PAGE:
At 4:20, my partner could see our baby’s head and knew it was time to get ready to catch him.

By 4:30, his head was out and we only needed one more contraction to get the job done. Those 3.5 minutes were the longest minutes of our lives…

During that time, my partner told me about how his head was turning on its own and that my body was doing exactly what it needed to and that I had nothing to worry about.

With the next contraction at 4:34, his body slid out of me and into my partners’ hands. Immediately, I turned over from my hands and knees to sit down and see him.

My little boy with stark white hair was placed in my arms and all was well. Warm blankets and sheets were placed over the 2 of us as I sat there in awe and amazement that we had done it.

About 30 minutes later, my placenta hadn’t come out yet so I passed the baby to my partner, got up and walked to the bathtub. There, I pushed out my placenta within about 15 minutes and cleaned up.

By 5:30am, I was ready to get in bed and get some sleep with my baby on top of my belly instead of inside. And that’s exactly what I did after feeding him for a little while.

At 8:30am, I informed my family that I had birthed my baby a few hours ago and that they could come see him.

Having Vincent was such an amazing experience that it didn’t take me long to realize how invaluable having my teacher-turned-doula come to help was.

From then on, I realized that when the time was right, I was going to dedicate my life to helping other women in the capacity of a doula as well. And she realized that when the time was right, she was going to dedicate her life to serving mothers as a midwife.

It was a win-win for everyone involved: my son was born in utter peace and joy, I, for the first time in my adult life, was forced to connect to my body and start reconnecting to myself and learning to love myself, my partner got to catch him and cut his cord, and my teacher-turned-doula became a midwife 2 years later.

After the birth of my second baby, when Vincent was about 3 years old, I decided that it was finally time to take the steps to realize my dream of becoming a doula or possibly even a midwife at some point.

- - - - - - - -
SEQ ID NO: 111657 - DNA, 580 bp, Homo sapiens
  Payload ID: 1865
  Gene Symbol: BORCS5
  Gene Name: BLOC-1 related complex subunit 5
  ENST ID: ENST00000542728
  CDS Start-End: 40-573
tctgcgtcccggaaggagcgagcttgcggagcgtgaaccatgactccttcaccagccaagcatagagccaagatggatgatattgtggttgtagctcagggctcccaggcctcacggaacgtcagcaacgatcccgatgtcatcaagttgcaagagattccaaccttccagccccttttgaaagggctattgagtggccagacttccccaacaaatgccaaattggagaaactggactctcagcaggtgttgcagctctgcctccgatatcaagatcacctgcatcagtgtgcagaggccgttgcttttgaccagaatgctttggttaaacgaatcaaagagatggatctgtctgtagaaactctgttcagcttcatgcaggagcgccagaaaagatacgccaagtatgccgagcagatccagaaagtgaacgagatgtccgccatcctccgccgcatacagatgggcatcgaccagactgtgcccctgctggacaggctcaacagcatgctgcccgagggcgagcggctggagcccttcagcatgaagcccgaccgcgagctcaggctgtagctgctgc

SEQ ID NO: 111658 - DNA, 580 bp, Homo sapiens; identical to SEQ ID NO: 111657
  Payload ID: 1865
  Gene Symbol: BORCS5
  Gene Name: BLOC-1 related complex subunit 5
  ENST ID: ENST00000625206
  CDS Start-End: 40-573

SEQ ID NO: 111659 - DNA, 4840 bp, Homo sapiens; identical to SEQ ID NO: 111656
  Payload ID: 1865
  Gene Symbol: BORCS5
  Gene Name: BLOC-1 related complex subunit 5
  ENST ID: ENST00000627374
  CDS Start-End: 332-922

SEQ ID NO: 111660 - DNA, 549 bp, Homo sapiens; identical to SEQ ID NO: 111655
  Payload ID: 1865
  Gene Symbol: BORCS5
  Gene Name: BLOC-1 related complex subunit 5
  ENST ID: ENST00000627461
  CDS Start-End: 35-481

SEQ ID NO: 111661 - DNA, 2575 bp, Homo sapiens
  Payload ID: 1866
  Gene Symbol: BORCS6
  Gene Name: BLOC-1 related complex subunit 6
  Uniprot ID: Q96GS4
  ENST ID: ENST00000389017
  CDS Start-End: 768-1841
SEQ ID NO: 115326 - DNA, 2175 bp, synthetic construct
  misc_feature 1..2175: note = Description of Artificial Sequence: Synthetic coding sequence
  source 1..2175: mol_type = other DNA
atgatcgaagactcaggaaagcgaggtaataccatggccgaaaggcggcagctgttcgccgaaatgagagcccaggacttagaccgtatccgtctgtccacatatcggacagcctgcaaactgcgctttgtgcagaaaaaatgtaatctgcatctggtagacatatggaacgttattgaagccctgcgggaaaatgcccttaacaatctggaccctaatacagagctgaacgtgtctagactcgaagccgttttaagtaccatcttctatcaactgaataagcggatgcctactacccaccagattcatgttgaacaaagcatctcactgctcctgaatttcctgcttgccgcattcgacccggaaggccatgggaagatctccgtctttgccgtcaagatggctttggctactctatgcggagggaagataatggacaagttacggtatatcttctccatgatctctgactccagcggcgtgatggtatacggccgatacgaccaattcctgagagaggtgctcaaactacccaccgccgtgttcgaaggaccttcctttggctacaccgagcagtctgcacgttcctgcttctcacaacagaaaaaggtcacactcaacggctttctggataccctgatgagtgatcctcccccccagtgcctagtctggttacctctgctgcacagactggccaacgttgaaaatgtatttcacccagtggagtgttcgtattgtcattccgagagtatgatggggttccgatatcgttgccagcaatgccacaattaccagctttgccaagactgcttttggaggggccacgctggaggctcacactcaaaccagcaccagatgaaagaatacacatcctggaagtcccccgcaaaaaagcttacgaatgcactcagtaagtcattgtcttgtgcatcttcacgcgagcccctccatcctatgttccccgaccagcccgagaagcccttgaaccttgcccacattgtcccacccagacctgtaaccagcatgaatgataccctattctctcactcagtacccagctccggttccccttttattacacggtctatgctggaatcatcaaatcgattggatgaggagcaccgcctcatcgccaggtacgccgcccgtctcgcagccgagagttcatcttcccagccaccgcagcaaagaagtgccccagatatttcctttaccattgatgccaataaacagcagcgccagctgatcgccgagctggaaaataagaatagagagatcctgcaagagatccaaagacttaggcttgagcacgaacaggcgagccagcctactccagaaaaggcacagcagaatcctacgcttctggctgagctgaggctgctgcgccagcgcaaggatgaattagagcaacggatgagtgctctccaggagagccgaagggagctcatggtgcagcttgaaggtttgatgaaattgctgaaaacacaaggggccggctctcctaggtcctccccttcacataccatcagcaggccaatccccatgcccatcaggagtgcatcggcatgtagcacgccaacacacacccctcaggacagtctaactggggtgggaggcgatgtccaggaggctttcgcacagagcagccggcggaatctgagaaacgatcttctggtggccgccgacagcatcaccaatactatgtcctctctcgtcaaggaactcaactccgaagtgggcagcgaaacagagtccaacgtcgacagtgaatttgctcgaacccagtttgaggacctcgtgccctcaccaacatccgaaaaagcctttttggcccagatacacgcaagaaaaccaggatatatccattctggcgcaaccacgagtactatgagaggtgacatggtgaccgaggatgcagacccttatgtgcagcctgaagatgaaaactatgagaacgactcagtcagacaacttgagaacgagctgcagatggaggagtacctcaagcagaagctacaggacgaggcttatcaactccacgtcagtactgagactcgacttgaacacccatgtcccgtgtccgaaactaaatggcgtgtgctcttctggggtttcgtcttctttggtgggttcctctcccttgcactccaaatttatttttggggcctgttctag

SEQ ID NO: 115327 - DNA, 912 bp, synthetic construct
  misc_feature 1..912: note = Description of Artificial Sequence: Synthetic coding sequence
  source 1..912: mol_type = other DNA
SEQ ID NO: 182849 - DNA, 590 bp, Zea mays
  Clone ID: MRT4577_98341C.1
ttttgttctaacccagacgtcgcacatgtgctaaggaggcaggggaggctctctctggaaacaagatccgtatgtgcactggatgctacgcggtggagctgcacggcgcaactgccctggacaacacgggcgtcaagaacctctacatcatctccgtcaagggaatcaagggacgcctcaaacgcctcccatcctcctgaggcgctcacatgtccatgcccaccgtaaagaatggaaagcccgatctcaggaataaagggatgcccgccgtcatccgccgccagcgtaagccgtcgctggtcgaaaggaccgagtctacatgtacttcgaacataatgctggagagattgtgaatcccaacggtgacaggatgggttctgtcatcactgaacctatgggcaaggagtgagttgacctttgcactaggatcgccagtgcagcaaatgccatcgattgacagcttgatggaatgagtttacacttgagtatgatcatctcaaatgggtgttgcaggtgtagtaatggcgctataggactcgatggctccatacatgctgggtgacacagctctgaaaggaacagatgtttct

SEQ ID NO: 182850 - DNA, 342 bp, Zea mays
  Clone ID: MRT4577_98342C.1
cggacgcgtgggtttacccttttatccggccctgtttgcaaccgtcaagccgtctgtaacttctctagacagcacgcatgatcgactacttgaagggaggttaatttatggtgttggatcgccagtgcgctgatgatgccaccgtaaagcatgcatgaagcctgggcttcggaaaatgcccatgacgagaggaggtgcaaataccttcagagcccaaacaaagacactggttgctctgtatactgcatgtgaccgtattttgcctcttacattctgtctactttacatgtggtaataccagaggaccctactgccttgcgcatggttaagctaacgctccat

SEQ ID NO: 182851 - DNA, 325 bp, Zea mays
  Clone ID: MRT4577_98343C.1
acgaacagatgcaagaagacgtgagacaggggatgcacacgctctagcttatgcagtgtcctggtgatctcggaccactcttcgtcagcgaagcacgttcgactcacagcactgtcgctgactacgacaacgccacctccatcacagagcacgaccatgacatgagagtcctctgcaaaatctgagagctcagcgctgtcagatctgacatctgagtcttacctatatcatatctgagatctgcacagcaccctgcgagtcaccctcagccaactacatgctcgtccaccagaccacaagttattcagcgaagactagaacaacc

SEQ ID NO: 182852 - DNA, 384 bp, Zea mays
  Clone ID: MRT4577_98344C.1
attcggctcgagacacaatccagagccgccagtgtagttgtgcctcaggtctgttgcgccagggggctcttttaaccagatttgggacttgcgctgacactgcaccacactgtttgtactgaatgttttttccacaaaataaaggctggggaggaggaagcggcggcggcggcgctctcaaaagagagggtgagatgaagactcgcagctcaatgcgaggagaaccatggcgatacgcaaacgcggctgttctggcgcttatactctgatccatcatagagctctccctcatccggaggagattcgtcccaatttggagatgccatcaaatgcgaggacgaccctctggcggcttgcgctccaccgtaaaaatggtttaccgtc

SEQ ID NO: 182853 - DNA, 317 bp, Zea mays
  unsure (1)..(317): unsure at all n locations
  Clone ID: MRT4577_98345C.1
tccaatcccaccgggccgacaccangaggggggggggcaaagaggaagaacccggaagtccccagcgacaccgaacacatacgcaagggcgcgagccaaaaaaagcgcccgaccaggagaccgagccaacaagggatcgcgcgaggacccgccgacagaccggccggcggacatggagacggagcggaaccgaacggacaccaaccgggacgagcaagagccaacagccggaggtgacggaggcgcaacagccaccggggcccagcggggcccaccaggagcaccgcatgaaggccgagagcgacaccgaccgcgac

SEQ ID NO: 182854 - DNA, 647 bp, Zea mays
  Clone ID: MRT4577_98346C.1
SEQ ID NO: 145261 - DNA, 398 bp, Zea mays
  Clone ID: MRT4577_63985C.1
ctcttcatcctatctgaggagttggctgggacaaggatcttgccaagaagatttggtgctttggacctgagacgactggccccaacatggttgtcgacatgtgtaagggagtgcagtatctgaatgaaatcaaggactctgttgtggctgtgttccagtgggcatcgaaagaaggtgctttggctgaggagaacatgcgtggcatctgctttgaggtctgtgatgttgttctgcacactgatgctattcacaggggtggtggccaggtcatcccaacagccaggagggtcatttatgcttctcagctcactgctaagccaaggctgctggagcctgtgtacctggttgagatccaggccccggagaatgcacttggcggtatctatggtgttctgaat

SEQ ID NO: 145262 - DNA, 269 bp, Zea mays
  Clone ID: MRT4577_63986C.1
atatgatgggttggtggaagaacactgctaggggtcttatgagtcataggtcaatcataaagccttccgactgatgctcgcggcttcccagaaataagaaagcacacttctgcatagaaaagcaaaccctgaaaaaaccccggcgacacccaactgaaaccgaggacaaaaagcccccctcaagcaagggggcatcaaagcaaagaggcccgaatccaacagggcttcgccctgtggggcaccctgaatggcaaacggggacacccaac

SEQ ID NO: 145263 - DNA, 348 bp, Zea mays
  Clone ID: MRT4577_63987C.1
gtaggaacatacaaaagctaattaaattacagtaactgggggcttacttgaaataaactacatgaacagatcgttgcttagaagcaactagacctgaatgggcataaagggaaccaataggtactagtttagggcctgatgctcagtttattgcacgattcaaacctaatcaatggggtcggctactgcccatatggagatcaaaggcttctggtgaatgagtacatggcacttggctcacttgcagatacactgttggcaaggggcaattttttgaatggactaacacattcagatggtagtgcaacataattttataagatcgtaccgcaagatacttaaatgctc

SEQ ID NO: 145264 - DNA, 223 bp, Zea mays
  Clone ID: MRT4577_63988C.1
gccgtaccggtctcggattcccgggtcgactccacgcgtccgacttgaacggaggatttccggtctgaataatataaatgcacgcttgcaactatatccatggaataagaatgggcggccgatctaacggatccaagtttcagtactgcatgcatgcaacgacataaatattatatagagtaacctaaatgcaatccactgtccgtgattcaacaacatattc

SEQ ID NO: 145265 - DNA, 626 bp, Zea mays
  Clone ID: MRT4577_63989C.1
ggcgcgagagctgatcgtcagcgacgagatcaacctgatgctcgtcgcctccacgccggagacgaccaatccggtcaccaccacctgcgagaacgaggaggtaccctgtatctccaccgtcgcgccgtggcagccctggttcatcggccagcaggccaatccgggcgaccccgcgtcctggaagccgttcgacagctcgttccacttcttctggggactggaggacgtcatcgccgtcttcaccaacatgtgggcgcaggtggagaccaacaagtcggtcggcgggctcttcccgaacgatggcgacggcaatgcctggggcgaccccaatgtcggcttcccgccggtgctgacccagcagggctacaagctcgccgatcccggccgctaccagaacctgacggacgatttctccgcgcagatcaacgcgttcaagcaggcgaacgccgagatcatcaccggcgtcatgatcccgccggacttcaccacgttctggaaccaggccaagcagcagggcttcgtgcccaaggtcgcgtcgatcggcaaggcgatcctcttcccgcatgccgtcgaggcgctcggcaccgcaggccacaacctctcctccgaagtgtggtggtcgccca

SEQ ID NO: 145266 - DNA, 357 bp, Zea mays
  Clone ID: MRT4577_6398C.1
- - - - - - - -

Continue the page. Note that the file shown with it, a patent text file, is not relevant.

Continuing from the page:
Starting in a local birth center, I took on about 30 doula clients within my first year of practice and soon realized that I had a bigger message to share that I wanted to take online.

I got super interested in all things postpartum care and saw a true deficiency in how we care for and treat postpartum women so I signed up for Marie Forleo’s B-school to help take my message online and get in front of more women.

Since completing B-school, my business has morphed from serving strictly pregnant women as a doula and childbirth educator to serving them all the way through menopause and in such a greater capacity.

Since taking my business online, I’ve been inspired to become a postpartum sex, love, and relationship coach, and to start selling jade eggs and teaching women how to use them to help support them in their postpartum healing and care.

It’s truly been a journey that I wouldn’t have ever taken had it not been for B-school and realizing that my message and services weren’t limited to the town that I live in – that both could go world-wide and serve so many more women.

I’m so thankful that Debra introduced me to B-school and showed me the opportunities that lie ahead simply by saying, “YES”!


Lacey Broussard lives in Lafayette, Louisiana, but her message is worldwide: Woman are born to have babies – they’re not broken. It’s her mission to connect women back to the part of themselves that’s lost confidence and trust in their bodies to birth their babies naturally and to experience total self-love through the journey of mothering. Visit her at Empowered Birth and Radiant Motherhood: http://laceybroussard.com/